The code below is equivalent. I can see pros and cons for both versions. Which is better: the short, clever way, or the long, ctrl+c way?

Short version:

    var action = ({
        stop = key[0]=="-";
    if (action)
        if (stop)
            this.walkdir[action.axis] = 0;
            this.walkdir[action.axis] = this.lookdir[action.axis] = action.direction;

Long version:

    switch (key){
        case "+a": 
            this.walkdir.x = -1;
            this.lookdir.x = -1;
        case "+d":
            this.walkdir.x = 1;
            this.lookdir.x = 1;
        case "+w":
            this.walkdir.y = 1;
            this.lookdir.y = 1;
        case "+s":
            this.walkdir.y = -1;
            this.lookdir.y = -1;
        case "-a": 
            if (this.walkdir.x == -1)
                this.walkdir.x = 0;
        case "-d":
            if (this.walkdir.x == 1)
                this.walkdir.x = 0;
        case "-w": 
            if (this.walkdir.y == 1)
                this.walkdir.y = 0;
        case "-s":
            if (this.walkdir.y == -1)
                this.walkdir.y = 0;
        case "space":
  • \$\begingroup\$ I don't see how the long version is better. \$\endgroup\$ – Florian Margaine Apr 21 '13 at 17:09
  • \$\begingroup\$ It's faster and probably much easier to understand. \$\endgroup\$ – MaiaVictor Apr 21 '13 at 17:26
  • \$\begingroup\$ @Dokkat In the first example you shouldn't be defining a static object when the function is called - that's definitely going to become costly. Try benchmarking that by removing the object definition out of the function and just accessing it. \$\endgroup\$ – izuriel Apr 21 '13 at 17:52
  • 3
    \$\begingroup\$ Faster? Probably not. Even if it were, I doubt it'd make any difference in real code. Easier to read? I think that's where we diverge :) \$\endgroup\$ – Florian Margaine Apr 21 '13 at 17:53
  • 5
    \$\begingroup\$ @Dokkat These objections are pretty irrelevant: writing code for people who don’t understand the language is counter-productive since it prevents you from using its features properly. Never succumb to the temptation of doing that. In addition, this code only uses core language features, not obscure hacks. \$\endgroup\$ – Konrad Rudolph Apr 21 '13 at 18:15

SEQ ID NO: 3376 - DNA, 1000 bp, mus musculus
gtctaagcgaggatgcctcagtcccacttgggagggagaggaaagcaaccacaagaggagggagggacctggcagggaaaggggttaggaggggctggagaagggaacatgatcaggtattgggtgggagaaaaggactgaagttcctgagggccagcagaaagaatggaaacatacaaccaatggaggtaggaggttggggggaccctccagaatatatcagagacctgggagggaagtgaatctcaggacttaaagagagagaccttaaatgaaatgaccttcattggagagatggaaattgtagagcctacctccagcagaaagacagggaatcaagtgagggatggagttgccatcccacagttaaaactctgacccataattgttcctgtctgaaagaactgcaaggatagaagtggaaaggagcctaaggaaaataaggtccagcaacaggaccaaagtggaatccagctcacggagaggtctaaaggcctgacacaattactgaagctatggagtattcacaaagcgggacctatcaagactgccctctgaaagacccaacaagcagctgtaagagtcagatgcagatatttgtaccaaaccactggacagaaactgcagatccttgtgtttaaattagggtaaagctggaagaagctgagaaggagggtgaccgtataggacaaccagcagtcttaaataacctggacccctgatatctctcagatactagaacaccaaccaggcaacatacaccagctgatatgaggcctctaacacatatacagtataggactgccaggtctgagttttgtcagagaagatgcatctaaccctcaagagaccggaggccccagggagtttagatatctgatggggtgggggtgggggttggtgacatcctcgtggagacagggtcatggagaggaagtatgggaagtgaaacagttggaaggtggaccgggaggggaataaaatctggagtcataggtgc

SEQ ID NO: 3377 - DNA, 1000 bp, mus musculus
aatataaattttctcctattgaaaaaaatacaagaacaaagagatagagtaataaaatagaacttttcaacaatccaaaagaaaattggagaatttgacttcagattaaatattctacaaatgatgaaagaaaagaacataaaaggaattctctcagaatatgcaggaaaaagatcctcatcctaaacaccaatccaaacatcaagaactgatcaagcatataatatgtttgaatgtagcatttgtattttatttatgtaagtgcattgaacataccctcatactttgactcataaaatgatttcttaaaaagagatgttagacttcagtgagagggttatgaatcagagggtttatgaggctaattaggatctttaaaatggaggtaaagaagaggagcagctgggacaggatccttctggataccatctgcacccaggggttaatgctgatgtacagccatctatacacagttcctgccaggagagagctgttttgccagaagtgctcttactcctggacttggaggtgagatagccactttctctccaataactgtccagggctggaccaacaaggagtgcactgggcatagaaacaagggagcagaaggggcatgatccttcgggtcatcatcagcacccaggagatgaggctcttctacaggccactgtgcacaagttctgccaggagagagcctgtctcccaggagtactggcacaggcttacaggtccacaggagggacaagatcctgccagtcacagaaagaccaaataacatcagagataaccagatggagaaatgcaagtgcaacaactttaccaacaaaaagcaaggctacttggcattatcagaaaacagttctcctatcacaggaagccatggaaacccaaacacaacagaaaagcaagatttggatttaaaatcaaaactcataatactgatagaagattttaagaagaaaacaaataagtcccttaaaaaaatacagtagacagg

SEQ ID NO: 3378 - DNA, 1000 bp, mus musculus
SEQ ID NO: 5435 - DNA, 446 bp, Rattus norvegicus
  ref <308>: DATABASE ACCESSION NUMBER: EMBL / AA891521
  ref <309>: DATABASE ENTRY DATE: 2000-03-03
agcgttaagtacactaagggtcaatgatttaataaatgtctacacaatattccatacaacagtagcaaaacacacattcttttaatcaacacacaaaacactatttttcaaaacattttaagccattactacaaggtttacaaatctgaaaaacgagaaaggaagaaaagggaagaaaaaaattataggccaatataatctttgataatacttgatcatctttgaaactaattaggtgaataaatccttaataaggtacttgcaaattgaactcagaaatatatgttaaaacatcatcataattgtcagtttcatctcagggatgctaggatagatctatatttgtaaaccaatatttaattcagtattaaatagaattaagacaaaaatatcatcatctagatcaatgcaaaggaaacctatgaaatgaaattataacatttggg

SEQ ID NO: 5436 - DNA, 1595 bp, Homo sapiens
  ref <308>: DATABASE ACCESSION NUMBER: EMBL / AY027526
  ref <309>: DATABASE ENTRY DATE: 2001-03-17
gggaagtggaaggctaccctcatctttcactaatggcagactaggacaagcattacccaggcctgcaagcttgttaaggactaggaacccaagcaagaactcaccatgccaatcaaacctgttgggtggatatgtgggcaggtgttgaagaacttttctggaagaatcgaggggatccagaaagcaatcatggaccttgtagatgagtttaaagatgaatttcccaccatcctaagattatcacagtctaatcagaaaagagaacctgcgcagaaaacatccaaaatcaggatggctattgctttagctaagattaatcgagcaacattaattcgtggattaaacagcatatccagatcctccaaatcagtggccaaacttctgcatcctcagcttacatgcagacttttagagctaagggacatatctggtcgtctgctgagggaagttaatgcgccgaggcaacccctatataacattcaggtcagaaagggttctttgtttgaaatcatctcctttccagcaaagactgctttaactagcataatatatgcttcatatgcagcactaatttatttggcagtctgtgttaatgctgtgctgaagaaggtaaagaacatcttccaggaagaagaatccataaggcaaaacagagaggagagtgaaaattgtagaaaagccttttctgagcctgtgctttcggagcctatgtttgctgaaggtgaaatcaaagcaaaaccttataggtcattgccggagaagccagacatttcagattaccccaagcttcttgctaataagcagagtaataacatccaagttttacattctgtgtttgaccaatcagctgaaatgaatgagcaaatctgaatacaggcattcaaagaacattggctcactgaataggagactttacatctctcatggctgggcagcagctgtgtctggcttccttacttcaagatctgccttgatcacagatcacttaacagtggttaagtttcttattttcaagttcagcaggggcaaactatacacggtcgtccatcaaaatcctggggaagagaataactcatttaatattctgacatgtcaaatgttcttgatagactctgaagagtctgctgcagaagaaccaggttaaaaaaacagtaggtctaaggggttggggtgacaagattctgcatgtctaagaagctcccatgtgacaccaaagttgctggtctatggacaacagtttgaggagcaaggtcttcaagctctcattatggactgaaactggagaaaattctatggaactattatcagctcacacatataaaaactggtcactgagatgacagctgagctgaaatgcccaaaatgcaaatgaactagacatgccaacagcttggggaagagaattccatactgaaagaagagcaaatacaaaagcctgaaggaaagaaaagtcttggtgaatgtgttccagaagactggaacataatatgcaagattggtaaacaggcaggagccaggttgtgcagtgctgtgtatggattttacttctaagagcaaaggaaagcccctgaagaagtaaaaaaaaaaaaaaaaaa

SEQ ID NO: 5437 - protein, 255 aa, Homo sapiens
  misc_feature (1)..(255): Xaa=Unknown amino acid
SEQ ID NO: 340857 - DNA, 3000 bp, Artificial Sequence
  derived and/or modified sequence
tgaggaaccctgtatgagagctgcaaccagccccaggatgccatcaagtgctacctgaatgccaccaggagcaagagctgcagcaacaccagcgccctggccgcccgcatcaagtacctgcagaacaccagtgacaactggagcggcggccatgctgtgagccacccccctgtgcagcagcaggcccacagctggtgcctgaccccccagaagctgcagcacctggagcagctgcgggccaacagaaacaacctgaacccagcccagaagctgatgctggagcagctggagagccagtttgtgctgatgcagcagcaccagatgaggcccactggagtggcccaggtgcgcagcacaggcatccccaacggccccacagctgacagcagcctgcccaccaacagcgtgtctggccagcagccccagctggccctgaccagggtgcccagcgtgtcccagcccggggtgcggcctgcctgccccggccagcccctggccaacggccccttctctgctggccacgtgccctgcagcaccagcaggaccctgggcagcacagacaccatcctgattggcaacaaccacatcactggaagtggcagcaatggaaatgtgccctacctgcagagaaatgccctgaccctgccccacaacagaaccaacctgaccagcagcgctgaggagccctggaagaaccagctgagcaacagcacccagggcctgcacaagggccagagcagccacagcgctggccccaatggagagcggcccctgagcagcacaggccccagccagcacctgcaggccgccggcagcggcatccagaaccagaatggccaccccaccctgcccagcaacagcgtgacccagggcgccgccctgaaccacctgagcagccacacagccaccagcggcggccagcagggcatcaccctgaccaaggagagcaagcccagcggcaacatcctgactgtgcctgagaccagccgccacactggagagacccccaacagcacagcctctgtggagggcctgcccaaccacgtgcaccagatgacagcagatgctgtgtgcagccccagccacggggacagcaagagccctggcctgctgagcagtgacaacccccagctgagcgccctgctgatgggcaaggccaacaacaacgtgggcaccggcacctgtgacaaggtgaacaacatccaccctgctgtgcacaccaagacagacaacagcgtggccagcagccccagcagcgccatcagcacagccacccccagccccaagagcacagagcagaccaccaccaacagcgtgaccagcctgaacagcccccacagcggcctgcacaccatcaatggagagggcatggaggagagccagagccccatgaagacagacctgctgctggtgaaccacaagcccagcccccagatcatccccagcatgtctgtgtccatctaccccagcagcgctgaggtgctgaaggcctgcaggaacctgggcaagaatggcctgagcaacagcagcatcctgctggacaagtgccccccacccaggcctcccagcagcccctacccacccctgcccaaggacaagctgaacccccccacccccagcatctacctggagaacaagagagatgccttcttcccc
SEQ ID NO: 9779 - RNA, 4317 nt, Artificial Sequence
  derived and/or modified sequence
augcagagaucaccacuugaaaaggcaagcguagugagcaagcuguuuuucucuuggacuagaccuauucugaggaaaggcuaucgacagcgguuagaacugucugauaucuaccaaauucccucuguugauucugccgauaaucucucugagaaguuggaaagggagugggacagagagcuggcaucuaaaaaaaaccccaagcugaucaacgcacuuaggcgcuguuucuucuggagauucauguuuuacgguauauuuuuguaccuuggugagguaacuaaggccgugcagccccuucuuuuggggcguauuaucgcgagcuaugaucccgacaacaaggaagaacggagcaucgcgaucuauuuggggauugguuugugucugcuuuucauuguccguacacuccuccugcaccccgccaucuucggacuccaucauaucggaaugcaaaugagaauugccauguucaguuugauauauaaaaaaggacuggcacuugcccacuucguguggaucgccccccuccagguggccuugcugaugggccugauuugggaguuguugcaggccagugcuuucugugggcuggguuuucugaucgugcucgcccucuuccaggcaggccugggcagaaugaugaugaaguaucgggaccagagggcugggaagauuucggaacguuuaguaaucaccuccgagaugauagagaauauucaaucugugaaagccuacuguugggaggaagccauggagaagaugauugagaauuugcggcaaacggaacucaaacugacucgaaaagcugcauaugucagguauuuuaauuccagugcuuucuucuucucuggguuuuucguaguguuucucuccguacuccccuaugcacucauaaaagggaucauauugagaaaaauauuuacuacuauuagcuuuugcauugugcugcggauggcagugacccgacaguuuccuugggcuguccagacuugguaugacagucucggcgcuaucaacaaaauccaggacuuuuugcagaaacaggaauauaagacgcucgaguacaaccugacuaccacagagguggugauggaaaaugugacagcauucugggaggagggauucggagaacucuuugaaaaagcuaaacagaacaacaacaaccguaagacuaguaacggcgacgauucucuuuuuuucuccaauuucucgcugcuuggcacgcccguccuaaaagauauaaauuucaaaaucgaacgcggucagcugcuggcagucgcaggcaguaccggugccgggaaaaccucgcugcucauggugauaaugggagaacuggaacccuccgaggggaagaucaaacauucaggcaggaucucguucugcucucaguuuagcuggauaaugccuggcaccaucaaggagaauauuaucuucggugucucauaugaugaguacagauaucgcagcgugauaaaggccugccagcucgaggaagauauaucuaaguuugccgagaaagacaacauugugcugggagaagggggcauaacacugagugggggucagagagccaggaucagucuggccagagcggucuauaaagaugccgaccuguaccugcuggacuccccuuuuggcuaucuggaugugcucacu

The short code wins hands down. I understood it immediately, and more importantly, I can trivially verify that the code is reasonably error free. This is much harder with the longer code.

You say that the longer code is easier to understand but I claim that this is objectively wrong.

Case in point, the long code uses lots of magic numbers: 1, 0, -1, … what do these stand for? Ah, the short code tells us: they are directions.

The longer code also makes us scroll (depending on the screen size) to see the whole method. This significantly impacts ease of understanding. I believe there were even studies demonstrating this empirically (but I cannot cite them; Code Complete would probably be the relevant reference here).

The one thing I would change in the short code is the lookup itself: define the dictionary separately, maybe even outside the method, and perform the lookup as follows:

var action = movement_commands[key[1]];

And maybe think about tokenising key properly, i.e. assigning the parts to variables before using them. However, I think that the method is short enough to make this unnecessary.

You also said that the longer code is more efficient but I’d like to see a benchmark before I believe that. You probably think that the first code is slower because of the dictionary lookup. But consider that JavaScript is a dynamic language – every single variable access is potentially a dictionary lookup internally. So there is no difference in performance – indeed, the short code could be faster since there’s less variable lookup involved.

(Of course the two code snippets do different things: the long version handles jumping, and they behave differently when the character was previously walking in one direction and now you cancel walking into a different direction.)

  • \$\begingroup\$ I argue it's easier to understand, not read; mainly for a novice trying to grasp the code; but I'm not sure I should worry about that. About the speed, it's not because of the dictionary lookup, but because of it's creation, which makes it obviously much heavier. As you said, moving the object out of the function would solve the issue, but then, in order not to pollute the outer namespace, I'd have to introduce a closure, making it even worse for novices (and much less readable in general, IMO): jsfiddle.net/EXv7e . Note: I obviously prefer the smaller version. Great answer by the way. \$\endgroup\$ – MaiaVictor Apr 21 '13 at 18:24
  • \$\begingroup\$ @Dokkat Well you could declare actions outside of on.character entirely, as a global variable. I’m not a big fan of this, however (keep scope as small as possible). \$\endgroup\$ – Konrad Rudolph Apr 21 '13 at 18:38
  • \$\begingroup\$ @Dokkat A novice will only be a novice for a short time; once they encounter and learn how the short code works, they've learned something new that will help them from then on. \$\endgroup\$ – Izkata Apr 22 '13 at 1:07
  • \$\begingroup\$ @Dokkat Also, the speed hit in creating a small, static dictionary like that is going to be completely unnoticeable given what the event is reacting to. (And probably unnoticeable in general compared to the function call itself; and it may just be JIT-compiled and only created once anyway... (I'm not entirely sure if it would, though)) \$\endgroup\$ – Izkata Apr 22 '13 at 1:13

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